Friday 6 December 2013

Rapid diagnosis of typhoid from blood cultures

Typhoid fever is a life-threatening illness caused by the Gram-negative bacterium, Salmonella enterica subsp. enterica serovar Typhi. This foodborne pathogen is commonly contracted though the consumption of food or water that has been handled by a person shedding S. Typhi, or through the contamination of these products with sewage. Once ingested, the bacteria will inhabit the intestinal tract and bloodstream, resulting in a variety of complications including high fever, stomach pains, septicemia, and death.

Typhoid fever is common throughout most of the developing world, particularly in parts of Asia, Africa, and Latin America. Unfortunately, a number of people within these countries do not have access to a reliable laboratory diagnosis as the appropriate clinical facilities and techniques are not available. Thus, there is an urgent need for an inexpensive, easy-to-use, portable technique that can rapidly and safely diagnose typhoid fever independent of a hospital setting.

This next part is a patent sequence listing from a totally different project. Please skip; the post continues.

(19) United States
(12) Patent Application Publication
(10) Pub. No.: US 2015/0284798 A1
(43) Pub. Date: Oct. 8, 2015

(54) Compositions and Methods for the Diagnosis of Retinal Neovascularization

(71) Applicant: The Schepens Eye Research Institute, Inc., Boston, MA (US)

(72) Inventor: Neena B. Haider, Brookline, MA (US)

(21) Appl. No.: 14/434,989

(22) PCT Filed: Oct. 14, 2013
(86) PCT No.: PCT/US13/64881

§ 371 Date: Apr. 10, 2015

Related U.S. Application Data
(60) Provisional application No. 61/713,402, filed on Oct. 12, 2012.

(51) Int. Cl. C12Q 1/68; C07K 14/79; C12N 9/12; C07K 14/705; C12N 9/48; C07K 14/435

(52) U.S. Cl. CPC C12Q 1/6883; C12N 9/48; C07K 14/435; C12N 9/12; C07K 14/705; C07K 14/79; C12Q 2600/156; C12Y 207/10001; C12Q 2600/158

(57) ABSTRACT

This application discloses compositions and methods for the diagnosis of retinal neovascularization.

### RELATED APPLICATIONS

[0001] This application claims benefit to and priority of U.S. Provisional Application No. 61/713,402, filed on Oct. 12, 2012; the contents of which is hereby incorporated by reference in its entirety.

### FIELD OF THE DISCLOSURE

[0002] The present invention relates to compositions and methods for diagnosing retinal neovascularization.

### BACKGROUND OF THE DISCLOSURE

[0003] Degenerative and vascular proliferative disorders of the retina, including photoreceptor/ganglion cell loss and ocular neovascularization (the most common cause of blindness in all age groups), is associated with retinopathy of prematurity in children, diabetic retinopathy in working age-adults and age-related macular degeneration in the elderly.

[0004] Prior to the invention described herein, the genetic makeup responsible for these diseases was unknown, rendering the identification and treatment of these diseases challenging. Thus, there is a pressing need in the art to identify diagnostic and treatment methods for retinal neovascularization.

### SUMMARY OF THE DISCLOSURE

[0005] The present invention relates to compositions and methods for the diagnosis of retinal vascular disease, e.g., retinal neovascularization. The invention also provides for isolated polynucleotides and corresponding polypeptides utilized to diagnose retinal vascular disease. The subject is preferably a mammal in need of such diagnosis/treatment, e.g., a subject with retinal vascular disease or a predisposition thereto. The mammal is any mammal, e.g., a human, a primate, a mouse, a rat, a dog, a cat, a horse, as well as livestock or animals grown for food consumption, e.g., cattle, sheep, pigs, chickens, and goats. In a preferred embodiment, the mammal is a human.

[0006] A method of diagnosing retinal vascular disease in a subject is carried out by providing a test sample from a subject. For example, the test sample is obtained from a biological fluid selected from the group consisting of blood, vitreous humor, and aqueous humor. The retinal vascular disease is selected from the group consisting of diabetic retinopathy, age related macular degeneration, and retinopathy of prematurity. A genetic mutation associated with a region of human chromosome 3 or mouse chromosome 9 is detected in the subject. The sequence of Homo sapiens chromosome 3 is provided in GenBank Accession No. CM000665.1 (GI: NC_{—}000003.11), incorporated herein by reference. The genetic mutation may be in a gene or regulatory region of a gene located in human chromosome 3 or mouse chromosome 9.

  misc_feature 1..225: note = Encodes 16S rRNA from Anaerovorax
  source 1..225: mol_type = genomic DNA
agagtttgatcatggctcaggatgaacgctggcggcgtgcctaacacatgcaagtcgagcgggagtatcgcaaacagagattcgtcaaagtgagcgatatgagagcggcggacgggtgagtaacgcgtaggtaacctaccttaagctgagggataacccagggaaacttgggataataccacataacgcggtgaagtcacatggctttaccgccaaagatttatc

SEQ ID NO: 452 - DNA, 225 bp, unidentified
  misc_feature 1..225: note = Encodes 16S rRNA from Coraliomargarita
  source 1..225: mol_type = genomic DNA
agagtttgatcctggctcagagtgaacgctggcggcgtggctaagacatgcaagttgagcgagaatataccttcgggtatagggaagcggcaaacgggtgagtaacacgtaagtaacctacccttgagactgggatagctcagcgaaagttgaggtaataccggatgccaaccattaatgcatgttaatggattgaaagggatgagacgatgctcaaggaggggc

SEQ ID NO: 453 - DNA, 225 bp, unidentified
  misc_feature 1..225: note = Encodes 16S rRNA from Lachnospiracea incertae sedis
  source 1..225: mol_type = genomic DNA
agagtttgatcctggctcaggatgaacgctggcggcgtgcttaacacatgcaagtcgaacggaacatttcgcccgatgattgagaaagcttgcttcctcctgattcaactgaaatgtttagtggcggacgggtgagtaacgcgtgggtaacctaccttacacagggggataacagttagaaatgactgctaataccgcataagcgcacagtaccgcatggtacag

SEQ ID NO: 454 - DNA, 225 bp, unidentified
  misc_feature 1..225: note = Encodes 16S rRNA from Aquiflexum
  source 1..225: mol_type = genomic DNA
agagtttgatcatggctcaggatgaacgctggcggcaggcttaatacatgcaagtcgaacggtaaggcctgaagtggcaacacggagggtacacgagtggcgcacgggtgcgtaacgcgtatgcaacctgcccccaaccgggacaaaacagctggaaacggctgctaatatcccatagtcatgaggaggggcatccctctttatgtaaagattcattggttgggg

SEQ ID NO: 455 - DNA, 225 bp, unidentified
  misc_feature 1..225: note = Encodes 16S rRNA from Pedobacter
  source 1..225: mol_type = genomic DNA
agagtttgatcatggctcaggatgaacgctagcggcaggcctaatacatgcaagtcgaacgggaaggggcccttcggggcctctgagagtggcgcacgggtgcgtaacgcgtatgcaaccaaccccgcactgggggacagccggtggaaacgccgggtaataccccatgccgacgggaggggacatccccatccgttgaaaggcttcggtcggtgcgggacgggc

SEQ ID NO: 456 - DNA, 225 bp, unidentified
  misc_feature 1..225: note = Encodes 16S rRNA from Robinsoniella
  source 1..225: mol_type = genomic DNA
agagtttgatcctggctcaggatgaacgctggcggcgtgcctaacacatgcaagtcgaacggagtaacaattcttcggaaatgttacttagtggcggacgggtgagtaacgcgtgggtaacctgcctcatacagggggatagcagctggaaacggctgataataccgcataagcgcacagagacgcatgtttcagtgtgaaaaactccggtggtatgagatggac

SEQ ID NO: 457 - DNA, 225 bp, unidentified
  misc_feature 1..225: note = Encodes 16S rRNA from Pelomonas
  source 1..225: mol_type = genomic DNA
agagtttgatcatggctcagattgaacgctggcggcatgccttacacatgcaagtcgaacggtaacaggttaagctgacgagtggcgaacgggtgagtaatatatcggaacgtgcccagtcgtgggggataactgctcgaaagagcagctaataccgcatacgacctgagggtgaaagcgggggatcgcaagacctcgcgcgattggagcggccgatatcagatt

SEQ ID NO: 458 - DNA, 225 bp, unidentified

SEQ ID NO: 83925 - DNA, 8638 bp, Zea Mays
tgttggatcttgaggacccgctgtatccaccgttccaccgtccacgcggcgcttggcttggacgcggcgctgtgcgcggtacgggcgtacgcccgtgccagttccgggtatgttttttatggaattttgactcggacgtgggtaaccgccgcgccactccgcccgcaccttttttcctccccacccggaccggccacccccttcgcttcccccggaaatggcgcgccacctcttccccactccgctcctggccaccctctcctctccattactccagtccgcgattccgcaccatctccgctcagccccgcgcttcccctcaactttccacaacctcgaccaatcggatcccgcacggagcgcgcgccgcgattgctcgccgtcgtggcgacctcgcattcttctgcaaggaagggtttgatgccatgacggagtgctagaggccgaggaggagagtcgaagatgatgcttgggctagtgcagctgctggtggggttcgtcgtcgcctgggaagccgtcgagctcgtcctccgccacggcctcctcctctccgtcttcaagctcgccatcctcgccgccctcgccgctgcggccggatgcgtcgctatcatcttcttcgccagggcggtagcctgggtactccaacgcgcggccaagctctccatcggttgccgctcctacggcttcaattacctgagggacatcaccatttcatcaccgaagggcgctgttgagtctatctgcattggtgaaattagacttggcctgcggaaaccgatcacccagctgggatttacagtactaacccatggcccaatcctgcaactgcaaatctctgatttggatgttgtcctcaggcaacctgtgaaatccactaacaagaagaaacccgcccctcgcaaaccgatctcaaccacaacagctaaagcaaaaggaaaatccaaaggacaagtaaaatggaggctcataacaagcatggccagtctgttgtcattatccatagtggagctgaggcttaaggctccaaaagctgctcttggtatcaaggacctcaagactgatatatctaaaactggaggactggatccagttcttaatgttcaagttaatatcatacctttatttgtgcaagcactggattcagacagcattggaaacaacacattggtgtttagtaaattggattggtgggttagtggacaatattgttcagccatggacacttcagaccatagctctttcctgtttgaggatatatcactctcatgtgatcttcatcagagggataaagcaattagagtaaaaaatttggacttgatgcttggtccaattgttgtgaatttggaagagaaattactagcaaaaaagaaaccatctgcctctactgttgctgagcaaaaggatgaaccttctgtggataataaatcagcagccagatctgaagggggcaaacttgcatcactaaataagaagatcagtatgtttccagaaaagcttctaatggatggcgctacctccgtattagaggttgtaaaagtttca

In a recent study, Castonguay-Vanier et al. investigated the accuracy and efficacy of a technique combining blood culture amplification of S. Typhi with a S. Typhi antigen rapid diagnostic test (RDT) developed by Standard Diagnostics (Cat. No. 15FK12). When tested against 23 Gram-negative reference pathogens, this assay was able to detect S. Typhi, as well as Salmonella enterica serovar Enteritidis and Salmonella enterica serovar Ndolo. The precision of this assay was further analyzed through the examination of 6,456 blood cultures from 3,028 patients. From this prospective study, the group found that the sensitivity, negative predictive value, specificity, and positive predictive value were 96.7%, 99.5%, 97.9%, and 87.9%, respectively, for patients with proven S. Typhi bacteremia. Overall, these results suggest that the combination of blood culture amplification of S. Typhi with an S. Typhi RDT is promising as an effective, sensitive, and inexpensive tool for the rapid diagnosis of typhoid fever.

This news was via ATCC. To access the research study, click here.

Posted by Tim Sandle

No comments:

Post a Comment

Pharmaceutical Microbiology Resources

Special offers